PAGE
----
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- Dubai 04:01 05:26 12:19 15:41 19:07 20:32
Human-shaped robots with dexterous hands will be staffing warehouses and retail stores, tending to the elderly and performing household chores within a decade or so, according to a Silicon Valley startup working toward that vision.
Why it matters: Demographic trends — such as a persistent labor shortage and the growing elder care crisis — make fully-functioning, AI-driven humanoid robots look tantalizingly appealing.
Companies such as Amazon are reportedly worried about running out of warehouse workers, whose jobs are physically and mentally demanding with high attrition.
Driving the news: A heavy-hitting startup called Figure, which just emerged from stealth mode, is building a prototype of a humanoid robot that the company says will eventually be able to walk, climb stairs, open doors, use tools and lift boxes — perhaps even make dinner.
The company is the brainchild of Brett Adcock, a tech entrepreneur who previously founded Archer Aviation (a "flying taxi" maker that went public) and Vettery (an online hiring marketplace that he and a partner sold for $100 million).
He's assembled an all-star team of 40, including leading roboticists from Boston Dynamics and Tesla.
They've moved into a 30,000-square-foot facility in Sunnyvale, California, where they plan to set up a mock warehouse to test their prototype.
"We just got done in December with our full-scale humanoid," Adcock tells Axios. "We'll be walking that in the next 30 days."
Where it stands: The prototype — called Figure 01 — stands about 5'6" and weighs 130 pounds.
It'll be fully electric, run for five hours on a charge and is intended for warehouse use.
"We think we can get into commercial operation within a few years," Adcock tells Axios. "We should be able to do most jobs — physical labor jobs that humans don't want to do."
Yes, but: Humanoid robots are staggeringly difficult to build and engineer to perform reliably.
There are a host of design challenges, from simple balance to replicating human movements.
"We need to be able to push it and have it not fall down," says Adcock about the Figure 01. (Boston Dynamics has plenty of robot blooper videos on YouTube.)
From there, programming a robot to move boxes in a warehouse is a lot easier than, say, engineering it to cook a meal.
What they're saying: "We face high risk and extremely low chances of success," Adcock wrote in a mission statement.
But he exuded optimism in an interview: "This stuff just wasn't possible 10 years ago — I think it's possible now."
A decade ago, "you just didn’t have the energy or the power density to make this work."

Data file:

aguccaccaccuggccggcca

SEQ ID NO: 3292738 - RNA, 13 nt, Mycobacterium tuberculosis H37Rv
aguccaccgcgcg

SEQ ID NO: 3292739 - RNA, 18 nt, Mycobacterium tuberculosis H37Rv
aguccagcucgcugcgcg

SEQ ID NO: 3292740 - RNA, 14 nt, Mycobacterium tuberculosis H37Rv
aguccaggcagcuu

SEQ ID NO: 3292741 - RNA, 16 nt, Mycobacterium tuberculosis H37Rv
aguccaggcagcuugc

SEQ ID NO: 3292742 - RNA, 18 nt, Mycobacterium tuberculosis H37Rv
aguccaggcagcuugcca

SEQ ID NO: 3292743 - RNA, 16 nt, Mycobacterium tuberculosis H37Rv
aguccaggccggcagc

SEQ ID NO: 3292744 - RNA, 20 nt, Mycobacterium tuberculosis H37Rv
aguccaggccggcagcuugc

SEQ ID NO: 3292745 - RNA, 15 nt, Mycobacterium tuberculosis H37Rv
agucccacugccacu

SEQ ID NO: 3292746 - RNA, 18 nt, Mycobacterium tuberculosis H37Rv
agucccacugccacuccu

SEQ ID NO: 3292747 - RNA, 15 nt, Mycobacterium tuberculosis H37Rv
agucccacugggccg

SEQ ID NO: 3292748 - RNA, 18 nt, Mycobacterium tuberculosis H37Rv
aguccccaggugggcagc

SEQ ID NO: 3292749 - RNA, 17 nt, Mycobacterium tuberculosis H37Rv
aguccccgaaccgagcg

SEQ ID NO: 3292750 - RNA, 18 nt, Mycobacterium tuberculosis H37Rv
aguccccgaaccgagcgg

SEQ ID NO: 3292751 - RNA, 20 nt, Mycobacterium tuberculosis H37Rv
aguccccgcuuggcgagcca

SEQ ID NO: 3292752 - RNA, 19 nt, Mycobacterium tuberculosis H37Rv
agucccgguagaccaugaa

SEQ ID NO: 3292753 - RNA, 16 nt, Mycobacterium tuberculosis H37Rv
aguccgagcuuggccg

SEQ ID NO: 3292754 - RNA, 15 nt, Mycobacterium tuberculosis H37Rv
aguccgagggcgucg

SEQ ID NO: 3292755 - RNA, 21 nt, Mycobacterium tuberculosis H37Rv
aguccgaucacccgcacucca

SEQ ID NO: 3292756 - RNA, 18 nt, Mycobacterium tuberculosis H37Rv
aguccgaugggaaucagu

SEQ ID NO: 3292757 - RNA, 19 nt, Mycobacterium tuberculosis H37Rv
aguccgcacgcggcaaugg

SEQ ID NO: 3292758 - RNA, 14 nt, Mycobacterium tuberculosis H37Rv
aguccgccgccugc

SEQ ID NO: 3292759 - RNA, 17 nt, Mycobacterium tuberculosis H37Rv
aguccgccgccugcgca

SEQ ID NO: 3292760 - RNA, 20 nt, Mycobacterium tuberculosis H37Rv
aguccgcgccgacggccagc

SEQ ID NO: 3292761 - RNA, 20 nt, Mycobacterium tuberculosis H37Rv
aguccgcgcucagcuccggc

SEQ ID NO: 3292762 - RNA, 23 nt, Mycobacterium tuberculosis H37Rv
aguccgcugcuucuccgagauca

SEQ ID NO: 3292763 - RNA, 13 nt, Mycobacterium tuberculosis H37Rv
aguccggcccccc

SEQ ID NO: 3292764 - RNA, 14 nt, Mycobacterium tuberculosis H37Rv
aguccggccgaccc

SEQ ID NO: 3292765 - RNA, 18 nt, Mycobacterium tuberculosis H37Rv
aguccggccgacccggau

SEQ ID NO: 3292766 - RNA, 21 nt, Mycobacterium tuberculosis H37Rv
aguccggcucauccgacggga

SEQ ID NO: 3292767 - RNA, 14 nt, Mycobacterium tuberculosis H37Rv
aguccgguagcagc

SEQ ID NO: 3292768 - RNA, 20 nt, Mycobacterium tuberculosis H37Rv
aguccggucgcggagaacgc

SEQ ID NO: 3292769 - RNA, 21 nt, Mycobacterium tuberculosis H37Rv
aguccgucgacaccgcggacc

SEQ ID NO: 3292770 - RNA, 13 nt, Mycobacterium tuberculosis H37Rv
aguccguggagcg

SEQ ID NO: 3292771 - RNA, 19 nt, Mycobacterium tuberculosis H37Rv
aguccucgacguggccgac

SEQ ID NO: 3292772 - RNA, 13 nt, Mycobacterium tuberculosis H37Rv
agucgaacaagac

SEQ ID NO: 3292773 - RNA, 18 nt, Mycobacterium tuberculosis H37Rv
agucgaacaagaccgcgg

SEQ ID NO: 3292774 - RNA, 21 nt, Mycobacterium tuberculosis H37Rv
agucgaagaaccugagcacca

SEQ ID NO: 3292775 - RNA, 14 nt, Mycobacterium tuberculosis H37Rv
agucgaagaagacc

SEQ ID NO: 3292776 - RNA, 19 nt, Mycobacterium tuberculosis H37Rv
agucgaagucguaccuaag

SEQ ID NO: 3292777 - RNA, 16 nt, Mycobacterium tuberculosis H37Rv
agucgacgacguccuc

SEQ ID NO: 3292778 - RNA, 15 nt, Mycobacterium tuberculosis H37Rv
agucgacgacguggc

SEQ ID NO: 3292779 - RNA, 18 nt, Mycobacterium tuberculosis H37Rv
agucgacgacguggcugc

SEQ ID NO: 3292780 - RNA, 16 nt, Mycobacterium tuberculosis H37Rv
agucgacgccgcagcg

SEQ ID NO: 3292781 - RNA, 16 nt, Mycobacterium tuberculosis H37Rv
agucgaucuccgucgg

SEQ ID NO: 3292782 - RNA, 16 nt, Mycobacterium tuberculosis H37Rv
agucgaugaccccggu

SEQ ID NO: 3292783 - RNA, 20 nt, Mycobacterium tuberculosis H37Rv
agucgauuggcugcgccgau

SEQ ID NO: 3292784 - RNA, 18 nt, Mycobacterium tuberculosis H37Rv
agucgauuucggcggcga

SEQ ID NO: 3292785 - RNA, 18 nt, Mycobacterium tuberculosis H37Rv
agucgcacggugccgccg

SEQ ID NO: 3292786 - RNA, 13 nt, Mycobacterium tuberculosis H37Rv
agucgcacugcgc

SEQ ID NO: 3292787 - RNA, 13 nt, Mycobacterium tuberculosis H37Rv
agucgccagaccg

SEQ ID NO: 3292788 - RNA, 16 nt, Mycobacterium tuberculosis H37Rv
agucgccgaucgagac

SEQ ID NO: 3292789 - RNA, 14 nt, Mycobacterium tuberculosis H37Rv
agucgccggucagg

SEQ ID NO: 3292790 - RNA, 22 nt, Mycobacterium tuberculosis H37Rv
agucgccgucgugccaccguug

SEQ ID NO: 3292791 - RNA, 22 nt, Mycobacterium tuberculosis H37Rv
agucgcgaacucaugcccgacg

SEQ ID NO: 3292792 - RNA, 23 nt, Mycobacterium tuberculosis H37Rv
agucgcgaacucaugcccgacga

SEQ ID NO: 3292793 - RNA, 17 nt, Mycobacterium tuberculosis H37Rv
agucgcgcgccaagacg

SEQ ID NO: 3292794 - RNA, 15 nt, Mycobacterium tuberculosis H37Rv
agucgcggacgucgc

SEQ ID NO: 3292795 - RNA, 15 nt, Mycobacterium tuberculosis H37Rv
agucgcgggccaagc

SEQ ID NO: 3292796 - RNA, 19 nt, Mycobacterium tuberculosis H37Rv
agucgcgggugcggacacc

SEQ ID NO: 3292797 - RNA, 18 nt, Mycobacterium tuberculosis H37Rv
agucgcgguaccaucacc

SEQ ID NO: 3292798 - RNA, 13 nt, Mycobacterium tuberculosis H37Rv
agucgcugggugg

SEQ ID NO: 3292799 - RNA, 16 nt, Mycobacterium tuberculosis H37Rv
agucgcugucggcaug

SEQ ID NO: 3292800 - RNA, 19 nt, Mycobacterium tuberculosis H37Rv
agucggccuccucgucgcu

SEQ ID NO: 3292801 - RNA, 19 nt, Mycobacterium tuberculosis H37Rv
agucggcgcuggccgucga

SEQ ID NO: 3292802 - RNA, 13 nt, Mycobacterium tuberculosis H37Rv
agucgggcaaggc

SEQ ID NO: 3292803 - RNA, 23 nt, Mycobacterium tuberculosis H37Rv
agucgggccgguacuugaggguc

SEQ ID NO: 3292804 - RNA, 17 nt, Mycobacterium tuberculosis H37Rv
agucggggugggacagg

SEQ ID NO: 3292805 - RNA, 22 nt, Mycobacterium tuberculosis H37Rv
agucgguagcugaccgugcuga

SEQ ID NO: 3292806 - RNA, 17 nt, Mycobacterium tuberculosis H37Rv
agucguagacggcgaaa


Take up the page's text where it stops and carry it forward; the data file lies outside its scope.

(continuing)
Reality check: Engineering robots is expensive. Adcock says he is self-financing Figure: "I put in $10 million last year."
Zoom in: Goldman Sachs put out an initial research report on the humanoid robot sector in November, estimating that "a $6 billion market (or more) in people-sized-and-shaped robots is achievable in the next 10 to 15 years."
This market "would be able to fill 4% of the projected U.S. manufacturing labor shortage by 2030 and 2% of global elderly care demand by 2035."
The big picture: The modern quest to build a robot that looks and feels like a human began in earnest more than a decade ago, with Boston Dynamics' Atlas — which tech writer John Markoff once compared to C-3PO from "Star Wars" — in the lead.
Today, Atlas and Xiaomi's CyberOne tilt more toward research than commercial applications.
Tesla's Optimus humanoid robot is likely to be Figure's chief competition — Elon Musk has described similar ambitions to Adcock's for the "Tesla Bot." (See it in action here.)
Another competitor: Agility Robotics, whose humanoid robot, Digit, is also aimed at warehouse work. (Watch it perform here.)
But there's robot-fever everywhere. At SXSW in Austin, Disney just unveiled a rollerblading, somersaulting bunny rabbit bot that's meant to look like Judy Hopps from "Zootopia."
And non-humanoid robots are starting to flex their muscles as security guards, window washers, food deliverers and fry cooks. (Sometimes with mixed results.)
The bottom line: It will take decades for humanoid robots to be able to replicate the sophisticated things our bodies can do, but visionaries are hard at work trying to make it happen.
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